- Catholic Resistance in Elizabethan England: Robert Persons's Jesuit Polemic, 1580-1610
I think I should start by saying that one would need at least a 5,000-word review in order to get close to doing justice, in this format, to the topic that is at the center of this book. Robert Persons was one of the greatest writers and political theorists of his period. His was an extraordinary talent. At the same time he has been, historiographically, a problem. He simply does not conform to the assumptions of most of those who have sought to narrate the course of politics in post-Reformation England, and certainly not those self-styled revisionists who have, for reasons that frequently remain unclear, clung to a weird kind of anglocentrism in order to argue that we can describe the Reformation in England without referring very much to what was happening on the Continent.
Persons did what English Catholics of the period, or so we are frequently told, were not supposed to do. As well as being an intellectual of towering contemporary status, he acquired considerable international significance and political influence. He enjoyed accreditation at several European courts and was wired into all kinds of diplomatic and intelligence networks. He was a key player in several political crises of mid- and late Elizabethan England. Victor Houliston insists that "he can no longer justifiably be called a neglected figure" (1), and yet, ironically, he can. There has been a stubborn determination to insist that, whatever it was, Catholicism in England was not part of the mainstream, whatever that was. Also, those who have, up until now, demonstrated the greatest facility in decoding the aims and agenda of this leading English Jesuit, notably John Bossy, have been those whose own work does not really fit into any of the current master-narratives of the period.
There is another problem too. The via media was unknown to Persons, and just as he had his champions and detractors in his own time, so he has them now. It has proved very difficult for those writing about him —and indeed about Catholicism in early modern England and Britain more generally —to escape entirely the mindset of one or other mode.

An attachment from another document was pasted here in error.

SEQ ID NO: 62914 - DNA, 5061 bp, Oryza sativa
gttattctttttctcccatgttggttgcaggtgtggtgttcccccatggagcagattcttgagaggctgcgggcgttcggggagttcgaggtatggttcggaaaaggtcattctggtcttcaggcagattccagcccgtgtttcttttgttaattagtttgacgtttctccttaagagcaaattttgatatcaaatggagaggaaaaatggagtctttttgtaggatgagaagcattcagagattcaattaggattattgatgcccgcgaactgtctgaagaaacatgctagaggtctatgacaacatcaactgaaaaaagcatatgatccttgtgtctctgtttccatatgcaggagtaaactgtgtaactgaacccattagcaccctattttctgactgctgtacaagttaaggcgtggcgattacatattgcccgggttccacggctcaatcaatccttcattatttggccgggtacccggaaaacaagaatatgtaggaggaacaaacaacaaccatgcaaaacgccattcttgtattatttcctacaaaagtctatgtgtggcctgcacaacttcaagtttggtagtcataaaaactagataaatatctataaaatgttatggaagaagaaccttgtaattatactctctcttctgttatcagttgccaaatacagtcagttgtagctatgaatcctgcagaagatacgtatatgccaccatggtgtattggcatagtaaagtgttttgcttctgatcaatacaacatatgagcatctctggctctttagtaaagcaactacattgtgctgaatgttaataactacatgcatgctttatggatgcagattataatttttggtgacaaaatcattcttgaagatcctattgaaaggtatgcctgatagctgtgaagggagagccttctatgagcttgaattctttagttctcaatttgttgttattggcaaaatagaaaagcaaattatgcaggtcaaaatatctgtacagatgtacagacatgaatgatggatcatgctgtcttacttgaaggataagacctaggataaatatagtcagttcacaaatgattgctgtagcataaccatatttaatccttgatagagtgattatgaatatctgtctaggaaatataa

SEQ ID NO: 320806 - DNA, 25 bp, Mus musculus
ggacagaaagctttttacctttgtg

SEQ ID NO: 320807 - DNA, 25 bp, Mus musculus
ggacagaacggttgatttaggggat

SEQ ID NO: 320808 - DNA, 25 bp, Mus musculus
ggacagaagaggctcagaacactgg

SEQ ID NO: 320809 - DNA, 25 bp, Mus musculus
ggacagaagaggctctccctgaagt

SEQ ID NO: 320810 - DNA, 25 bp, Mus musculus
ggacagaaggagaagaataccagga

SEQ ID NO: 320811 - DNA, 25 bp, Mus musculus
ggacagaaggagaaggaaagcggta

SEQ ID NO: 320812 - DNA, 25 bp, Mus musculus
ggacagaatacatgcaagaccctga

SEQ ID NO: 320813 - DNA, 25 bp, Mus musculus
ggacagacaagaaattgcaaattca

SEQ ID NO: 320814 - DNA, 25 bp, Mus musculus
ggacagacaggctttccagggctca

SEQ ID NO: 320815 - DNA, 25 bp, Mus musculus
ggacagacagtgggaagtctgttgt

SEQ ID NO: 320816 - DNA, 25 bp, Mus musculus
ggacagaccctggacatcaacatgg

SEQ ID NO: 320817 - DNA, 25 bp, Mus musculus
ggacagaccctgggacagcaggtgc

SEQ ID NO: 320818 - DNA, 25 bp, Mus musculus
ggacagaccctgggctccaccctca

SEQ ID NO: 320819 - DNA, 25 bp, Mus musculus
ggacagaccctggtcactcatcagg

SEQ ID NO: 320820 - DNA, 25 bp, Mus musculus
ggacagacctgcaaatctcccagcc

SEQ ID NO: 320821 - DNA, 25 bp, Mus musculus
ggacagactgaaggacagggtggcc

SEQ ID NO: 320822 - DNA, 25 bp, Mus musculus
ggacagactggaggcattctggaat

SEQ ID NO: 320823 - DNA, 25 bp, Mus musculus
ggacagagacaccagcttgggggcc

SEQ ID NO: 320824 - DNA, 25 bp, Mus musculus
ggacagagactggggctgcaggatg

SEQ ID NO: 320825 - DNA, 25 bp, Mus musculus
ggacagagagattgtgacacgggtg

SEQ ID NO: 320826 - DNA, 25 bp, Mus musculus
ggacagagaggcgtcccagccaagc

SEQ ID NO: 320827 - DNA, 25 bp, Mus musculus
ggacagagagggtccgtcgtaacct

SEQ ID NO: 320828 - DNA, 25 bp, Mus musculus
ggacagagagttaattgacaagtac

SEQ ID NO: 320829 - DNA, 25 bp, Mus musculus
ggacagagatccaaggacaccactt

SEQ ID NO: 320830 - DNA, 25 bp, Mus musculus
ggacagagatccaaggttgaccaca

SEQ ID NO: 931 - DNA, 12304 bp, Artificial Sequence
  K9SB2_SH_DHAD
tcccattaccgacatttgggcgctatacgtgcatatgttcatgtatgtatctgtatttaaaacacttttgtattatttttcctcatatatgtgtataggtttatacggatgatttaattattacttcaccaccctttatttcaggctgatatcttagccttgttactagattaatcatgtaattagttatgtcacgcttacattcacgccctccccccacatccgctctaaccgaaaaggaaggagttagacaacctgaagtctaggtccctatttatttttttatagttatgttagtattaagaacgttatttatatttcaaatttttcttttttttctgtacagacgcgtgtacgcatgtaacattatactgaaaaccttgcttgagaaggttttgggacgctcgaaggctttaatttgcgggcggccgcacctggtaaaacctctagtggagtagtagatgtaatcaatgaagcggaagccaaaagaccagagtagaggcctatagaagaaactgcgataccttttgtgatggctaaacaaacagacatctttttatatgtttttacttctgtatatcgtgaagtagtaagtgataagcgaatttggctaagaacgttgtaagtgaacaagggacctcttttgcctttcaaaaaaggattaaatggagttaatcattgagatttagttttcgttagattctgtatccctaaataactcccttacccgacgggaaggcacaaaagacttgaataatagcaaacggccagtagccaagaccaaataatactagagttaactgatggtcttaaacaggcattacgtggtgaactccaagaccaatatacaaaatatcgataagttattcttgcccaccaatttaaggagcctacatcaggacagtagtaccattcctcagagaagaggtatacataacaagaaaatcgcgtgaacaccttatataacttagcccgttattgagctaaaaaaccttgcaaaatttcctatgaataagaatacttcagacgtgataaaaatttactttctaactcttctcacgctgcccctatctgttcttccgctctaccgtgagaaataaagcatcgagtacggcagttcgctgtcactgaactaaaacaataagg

It is, however, not enough simply to claim that this or that historical figure is interesting, and then go on to lament the fact that others do not seem to find him so. One has to show that if we aspire toward a coherent account of this period, we cannot ignore the person in question. And, indeed, it is possible to make such a case for Persons in the sense that, time and again, he managed to articulate publicly the implications of extant Catholic critiques of the course taken by the Elizabethan regime, and define what the alternatives were to the dominant agenda and discourses of late Tudor government. Far from being tangential to the political process in late sixteenth- and early seventeenth-century England, Persons was integral to it, and Houliston accurately points to where his polemical interventions [End Page 1014] had most impact. It is worth asking, then, exactly what Persons thought he was trying to do and whether he actually succeeded.
Houliston's interests, as a literary scholar, are primarily in Persons as a rhetorician, and in trying to define how his prose suited his political and spiritual purposes. But, of course, the links between his writing and his political objectives are all too evident. It seems that Houliston's principal claim is that Persons's spiritual writing, notably his composition of the Christian Directory, was much more influential in his subsequent purposes and projects than his biographers have allowed. Rather than being an occasional piece, penned at a time before Persons became properly stuck into projects such as the Armada and opposing the path of James VI to the English crown, its account...